Jan 19, 2012
What is it that really makes you sign a petition?
I’ve given a lot of thought to this question today. Triggered by one particular petition that has seen an 11th hour surge of promotion through social networks. And I can’t help concluding that the nature of “deadlines” and “targets” does itself modify behaviour in these circumstances.
There’s a big difference between the phrasing: “sign this petition, it’s an incredibly good cause and by far the most appropriate way to address it”
“Person X has worked really hard to get this important issue heard. It’s only Y thousand signatures from success, with Z minutes to go.”
especially when you can get real-time updates of how Y and Z are racing each other to the wire. It’s a bit addictive like that, all this instant feedback.
NB. I am intentionally not referencing that precise petition here. To do so will take the argument into different territory than I am addressing: which is about mechanics and behaviours of mass, public, direct representation. You can obviously search it out if you choose, but I will give short shrift to comments that focus on it specifically.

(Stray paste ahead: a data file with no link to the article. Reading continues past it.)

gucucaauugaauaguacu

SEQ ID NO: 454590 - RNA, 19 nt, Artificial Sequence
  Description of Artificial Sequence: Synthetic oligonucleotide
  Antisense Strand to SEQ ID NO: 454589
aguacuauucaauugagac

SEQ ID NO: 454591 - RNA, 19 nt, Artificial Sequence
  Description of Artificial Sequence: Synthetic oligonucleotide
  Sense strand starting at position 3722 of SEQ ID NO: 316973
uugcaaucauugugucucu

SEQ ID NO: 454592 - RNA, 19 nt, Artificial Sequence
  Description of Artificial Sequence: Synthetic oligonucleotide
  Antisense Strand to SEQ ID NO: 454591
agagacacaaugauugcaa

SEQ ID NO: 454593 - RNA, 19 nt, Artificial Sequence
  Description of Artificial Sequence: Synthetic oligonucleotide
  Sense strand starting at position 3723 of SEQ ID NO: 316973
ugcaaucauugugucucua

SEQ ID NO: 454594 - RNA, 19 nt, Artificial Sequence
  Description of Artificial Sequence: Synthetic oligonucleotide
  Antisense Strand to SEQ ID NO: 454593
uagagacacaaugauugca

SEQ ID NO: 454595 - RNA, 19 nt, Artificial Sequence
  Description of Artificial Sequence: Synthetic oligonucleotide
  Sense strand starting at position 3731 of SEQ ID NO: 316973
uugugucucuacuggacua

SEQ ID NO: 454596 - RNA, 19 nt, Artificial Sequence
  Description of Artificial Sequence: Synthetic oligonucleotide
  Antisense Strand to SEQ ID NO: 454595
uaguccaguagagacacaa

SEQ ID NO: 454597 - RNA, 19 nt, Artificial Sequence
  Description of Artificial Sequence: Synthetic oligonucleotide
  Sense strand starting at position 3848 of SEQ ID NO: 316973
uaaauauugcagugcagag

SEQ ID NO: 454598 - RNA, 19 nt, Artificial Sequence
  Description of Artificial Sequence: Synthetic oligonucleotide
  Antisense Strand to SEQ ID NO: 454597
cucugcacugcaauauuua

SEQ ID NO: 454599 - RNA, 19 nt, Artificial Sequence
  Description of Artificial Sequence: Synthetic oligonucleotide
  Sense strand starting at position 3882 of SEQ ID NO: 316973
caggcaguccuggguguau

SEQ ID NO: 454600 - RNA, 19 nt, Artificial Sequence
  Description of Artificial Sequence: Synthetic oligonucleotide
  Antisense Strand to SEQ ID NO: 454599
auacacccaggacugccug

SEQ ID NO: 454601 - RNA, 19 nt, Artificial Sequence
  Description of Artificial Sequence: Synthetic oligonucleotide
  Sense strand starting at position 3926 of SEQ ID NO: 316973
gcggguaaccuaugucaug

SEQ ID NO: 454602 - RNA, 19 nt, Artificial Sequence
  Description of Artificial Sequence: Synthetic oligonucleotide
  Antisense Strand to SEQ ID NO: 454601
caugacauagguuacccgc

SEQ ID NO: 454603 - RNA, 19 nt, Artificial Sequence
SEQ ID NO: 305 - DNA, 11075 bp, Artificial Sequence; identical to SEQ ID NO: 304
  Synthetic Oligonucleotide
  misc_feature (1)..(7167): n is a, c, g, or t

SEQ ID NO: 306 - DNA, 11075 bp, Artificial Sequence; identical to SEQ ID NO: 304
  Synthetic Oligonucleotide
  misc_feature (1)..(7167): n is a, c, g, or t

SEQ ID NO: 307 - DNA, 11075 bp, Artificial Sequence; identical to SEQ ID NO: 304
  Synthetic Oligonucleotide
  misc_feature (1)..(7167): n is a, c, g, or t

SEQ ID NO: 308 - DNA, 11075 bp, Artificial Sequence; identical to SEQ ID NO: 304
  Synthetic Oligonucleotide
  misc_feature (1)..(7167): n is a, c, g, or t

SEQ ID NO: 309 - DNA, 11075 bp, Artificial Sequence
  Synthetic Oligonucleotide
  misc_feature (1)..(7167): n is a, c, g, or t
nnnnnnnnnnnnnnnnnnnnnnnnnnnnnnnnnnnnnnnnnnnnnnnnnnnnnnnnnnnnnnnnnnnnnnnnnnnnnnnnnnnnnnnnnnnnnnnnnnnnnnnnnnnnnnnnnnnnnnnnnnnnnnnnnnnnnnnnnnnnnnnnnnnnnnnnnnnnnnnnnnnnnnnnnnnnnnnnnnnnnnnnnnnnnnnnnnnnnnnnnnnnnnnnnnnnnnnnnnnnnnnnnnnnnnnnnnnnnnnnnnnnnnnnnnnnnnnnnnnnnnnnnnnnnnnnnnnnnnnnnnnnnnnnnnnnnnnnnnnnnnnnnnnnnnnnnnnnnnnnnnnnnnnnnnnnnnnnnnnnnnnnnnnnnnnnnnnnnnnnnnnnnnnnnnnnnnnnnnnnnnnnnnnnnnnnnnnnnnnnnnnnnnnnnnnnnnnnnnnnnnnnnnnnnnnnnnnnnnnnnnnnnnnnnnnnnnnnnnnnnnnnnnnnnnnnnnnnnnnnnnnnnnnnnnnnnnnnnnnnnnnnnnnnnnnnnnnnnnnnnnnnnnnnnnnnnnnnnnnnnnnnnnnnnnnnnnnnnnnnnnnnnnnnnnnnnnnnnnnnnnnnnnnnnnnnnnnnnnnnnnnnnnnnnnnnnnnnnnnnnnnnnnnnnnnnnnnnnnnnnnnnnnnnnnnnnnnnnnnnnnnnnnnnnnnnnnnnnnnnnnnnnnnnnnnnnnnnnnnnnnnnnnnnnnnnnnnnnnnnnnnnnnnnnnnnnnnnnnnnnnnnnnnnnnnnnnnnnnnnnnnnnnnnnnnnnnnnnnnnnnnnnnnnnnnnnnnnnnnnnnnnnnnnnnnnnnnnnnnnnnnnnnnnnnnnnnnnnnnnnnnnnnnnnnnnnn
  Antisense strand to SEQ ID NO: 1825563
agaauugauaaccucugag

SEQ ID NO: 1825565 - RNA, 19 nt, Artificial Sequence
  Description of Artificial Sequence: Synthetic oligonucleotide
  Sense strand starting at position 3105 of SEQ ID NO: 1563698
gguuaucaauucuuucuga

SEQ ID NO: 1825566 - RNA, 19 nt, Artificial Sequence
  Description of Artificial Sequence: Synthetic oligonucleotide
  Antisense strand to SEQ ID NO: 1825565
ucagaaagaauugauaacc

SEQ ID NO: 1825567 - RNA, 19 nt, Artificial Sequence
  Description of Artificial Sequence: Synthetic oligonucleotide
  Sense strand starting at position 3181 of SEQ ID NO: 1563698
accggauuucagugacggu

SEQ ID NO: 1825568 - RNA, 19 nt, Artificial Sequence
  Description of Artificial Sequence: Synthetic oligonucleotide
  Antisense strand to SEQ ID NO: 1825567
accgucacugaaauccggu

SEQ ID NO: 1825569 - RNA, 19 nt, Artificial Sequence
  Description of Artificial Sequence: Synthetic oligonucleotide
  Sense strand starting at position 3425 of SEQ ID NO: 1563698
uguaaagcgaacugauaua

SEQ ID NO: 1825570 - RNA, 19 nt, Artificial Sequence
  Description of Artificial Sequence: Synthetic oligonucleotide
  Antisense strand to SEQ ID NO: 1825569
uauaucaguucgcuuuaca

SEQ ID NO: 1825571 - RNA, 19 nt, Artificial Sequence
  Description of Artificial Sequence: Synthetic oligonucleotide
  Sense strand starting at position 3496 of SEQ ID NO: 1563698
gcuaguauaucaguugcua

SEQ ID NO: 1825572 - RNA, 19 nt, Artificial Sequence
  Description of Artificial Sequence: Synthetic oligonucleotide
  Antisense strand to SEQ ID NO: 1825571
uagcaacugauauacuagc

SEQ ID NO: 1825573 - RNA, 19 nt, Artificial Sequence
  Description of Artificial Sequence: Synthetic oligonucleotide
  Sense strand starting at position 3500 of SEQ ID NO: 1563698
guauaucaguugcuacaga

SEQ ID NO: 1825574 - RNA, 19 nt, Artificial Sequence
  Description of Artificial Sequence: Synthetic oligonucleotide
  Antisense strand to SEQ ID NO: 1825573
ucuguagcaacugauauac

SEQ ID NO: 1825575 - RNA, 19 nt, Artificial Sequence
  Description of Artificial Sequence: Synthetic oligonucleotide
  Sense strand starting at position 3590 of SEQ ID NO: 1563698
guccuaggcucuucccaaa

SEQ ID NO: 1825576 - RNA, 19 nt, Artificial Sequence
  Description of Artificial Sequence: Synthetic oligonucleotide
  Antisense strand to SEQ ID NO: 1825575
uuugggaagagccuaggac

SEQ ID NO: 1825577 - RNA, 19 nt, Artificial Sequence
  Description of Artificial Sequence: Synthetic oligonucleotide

So what is it that persuades someone to add their name to a petition? I can see a massive range of factors. It could be because: they believe it will make a difference, they’re angry, someone has asked them to, someone has told them to, everyone else is doing it, or maybe that they just want to see it “be a winner”. There are no absolute “good” and “bad” reasons. This is just how things are. That’s the nature of mass participation.
But it’s that last one that’s playing on my mind. The combination of target and deadline changes the dynamic. We start seeing “edge effects” at work. I’d say that something achieving 90% of its goal with 24 hours to spare can much more easily attract attention that something at 50% with three months to go. We like “the cause of the day”. (Indeed Twitter in particular now seems to be one long stream of them.)
And if that is true, then that target effectively shrinks slightly, as a result of this last-minute acceleration effect.
Is that a good thing? Has it been fully accounted for in the design of the system? What would happen if the “score” were kept masked (other than to say it exceeded a minimum threshold for consideration)? I’d be really interested to know.